Sunday, May 8, 2016

Pinback Button Equipment Guide

So you've seen all those fun, colorful pinback buttons that are out there and you want to make some yourself! I will give you a run down of the tools you'll need to make pinback buttons! These tools are non-computer related. I will cover pinback button making software and other programs in another post. Let's get to those tools!

Sketchbook and Pencil

You will want a sketchbook and a pencil to sketch out your designs before getting them into the computer. I’ve inherited some sketchbooks and purchased others. You can use regular copy paper or you can get a sketchbook at the dollar store. Any paper will do as long as it's plain and white!

Digital Camera or Scanner

A Digital camera or scanner is necessary to get artwork into the computer. I use a digital camera to get my artwork into the computer as I’ve had poor luck with scanners in the past.

Tecre Pinback Button Machine 1-1/4" size

I got my button machine with supplies from Button Biz. I chose to make the 1-1/4" size buttons as I felt that the 1" buttons were too small and anything bigger seemed too big. I find that this size works well for my needs.

Dynamo cutter

I highly recommend getting the Dynamo cutter to start versus the adjustable circle cutter. 

Hey, there's a really old button design I made in 2013! My button making kit came with the adaptable circle cutter and it wasn't very user friendly. You need a flat surface to work on so the cutting plate is level. It was very clumsy to work with.

I sold this cutter and purchased the Dynamo cutter. I'd like to upgrade to the graphic punch.


These are the plastic sheets that cover the pinback buttons. There are two different kinds of mylar:  matte and glossy. I prefer the glossy type as it works best with color. It is challenging to photography buttons with glossy mylar. They are usually sold bundled with the other supplies but they are also sold by themselves if you look hard enough. Matte is generally more difficult to find as well.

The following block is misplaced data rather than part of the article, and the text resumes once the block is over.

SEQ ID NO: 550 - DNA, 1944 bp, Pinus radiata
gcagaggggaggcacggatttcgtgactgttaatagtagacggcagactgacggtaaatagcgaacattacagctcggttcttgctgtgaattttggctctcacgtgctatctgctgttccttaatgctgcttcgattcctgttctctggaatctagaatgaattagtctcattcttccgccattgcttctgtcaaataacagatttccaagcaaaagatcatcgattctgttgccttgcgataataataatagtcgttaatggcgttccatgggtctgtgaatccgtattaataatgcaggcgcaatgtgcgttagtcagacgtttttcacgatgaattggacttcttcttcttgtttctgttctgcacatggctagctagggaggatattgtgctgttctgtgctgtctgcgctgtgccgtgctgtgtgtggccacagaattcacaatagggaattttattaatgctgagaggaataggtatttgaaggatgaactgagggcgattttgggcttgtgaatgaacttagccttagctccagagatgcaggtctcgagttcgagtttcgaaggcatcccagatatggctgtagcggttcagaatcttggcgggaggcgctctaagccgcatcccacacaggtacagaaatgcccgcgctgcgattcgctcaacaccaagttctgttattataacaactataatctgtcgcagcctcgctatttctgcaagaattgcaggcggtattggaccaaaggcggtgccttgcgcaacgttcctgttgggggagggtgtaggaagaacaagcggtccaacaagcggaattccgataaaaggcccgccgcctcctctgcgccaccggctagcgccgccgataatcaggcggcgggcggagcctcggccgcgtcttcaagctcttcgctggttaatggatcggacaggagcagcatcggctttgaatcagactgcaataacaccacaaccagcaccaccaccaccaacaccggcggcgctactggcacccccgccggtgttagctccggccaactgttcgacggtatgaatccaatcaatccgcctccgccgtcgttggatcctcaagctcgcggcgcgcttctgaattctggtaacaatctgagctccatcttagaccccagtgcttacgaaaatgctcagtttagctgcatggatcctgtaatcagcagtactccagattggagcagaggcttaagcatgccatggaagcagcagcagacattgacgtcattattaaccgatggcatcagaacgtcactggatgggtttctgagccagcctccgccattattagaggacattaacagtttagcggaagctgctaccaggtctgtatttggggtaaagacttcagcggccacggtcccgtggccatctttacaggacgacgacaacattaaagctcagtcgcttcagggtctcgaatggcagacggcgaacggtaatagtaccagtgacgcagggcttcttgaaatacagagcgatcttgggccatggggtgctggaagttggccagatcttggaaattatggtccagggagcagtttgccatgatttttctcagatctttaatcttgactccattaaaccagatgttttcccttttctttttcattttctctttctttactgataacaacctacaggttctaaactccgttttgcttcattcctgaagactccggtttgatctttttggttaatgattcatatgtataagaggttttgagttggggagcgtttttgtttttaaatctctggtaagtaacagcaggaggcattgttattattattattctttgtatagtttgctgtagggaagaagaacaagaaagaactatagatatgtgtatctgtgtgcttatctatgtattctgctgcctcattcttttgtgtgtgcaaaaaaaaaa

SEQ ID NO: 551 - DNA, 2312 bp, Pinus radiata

Bonus tip:  To prevent reflections when photographing buttons with glossy mylar, hold a similarly colored piece of paper over the button to reflect off the plastic.

Button shells

These are the top of the button. They can be used to make both pinback buttons and magnets. You need to be careful and make sure you don't have more than one stuck together when you punch your button. Otherwise you'll jam your machine!

Button pinbacks

These are the back of the pinback button. You can take the pin out to make magnets if you wish.


An alternative to removing the pins from the pinbacks is to purchase the flatbacks. I found that I saved a lot of time by purchasing the flatbacks. The product also looked better compared to taking the pin out as the magnet was glued on better to the product.


These magnets are smaller than the pinback or the flatback. They are 1" in diameter. You can purchase magnets with an adhesive backing. They generally come in a set to make magnets. These do not have an adhesive backing.

E6000 glue

I've tried a variety of glue to adhere the magnets to the flatbacks. E6000 glue is the kind I've had the best results with. It's also known as Goop.

This glue is highly toxic. You want to wash your hands very well after using this product. You also want to work in a well ventilated area as inhaling the fumes of this product is toxic. I recommend leaving the products out to dry overnight or at least 8 hours.


You don't need to have a printer if you don't make your artwork on the computer. I cover this in greater detail in another post.

If you do want to make your artwork on the computer, I highly recommend an inkjet printer over a laser printer. Inkjet printers have better resolution compared to laser printers. You can use a print shop to print your button artwork. Do your research ahead of time as you will be giving up your color control if you don't do it yourself.

Printer ink

You will want to use brand name ink. Let me say that again, you will want to use brand name ink. I’ve gotten burned by using the re-manufactured ink. I bought it from my local office supply store and put it in my printer only to find out that it didn’t work. I had to spend time, and gas money, to go back and return it for a new one. Save yourself the hassle and go brand name every time!

Printer paper

I use normal printer copy paper. I highly recommend you get Inkjet copy paper if you're going to use an Inkjet printer. Inkjet paper is designed to soak up Inkjet ink better than other types of paper. Your work will look so much better!

If you still have questions, or you just want to chat, I'd love to continue the conversation! Email me at!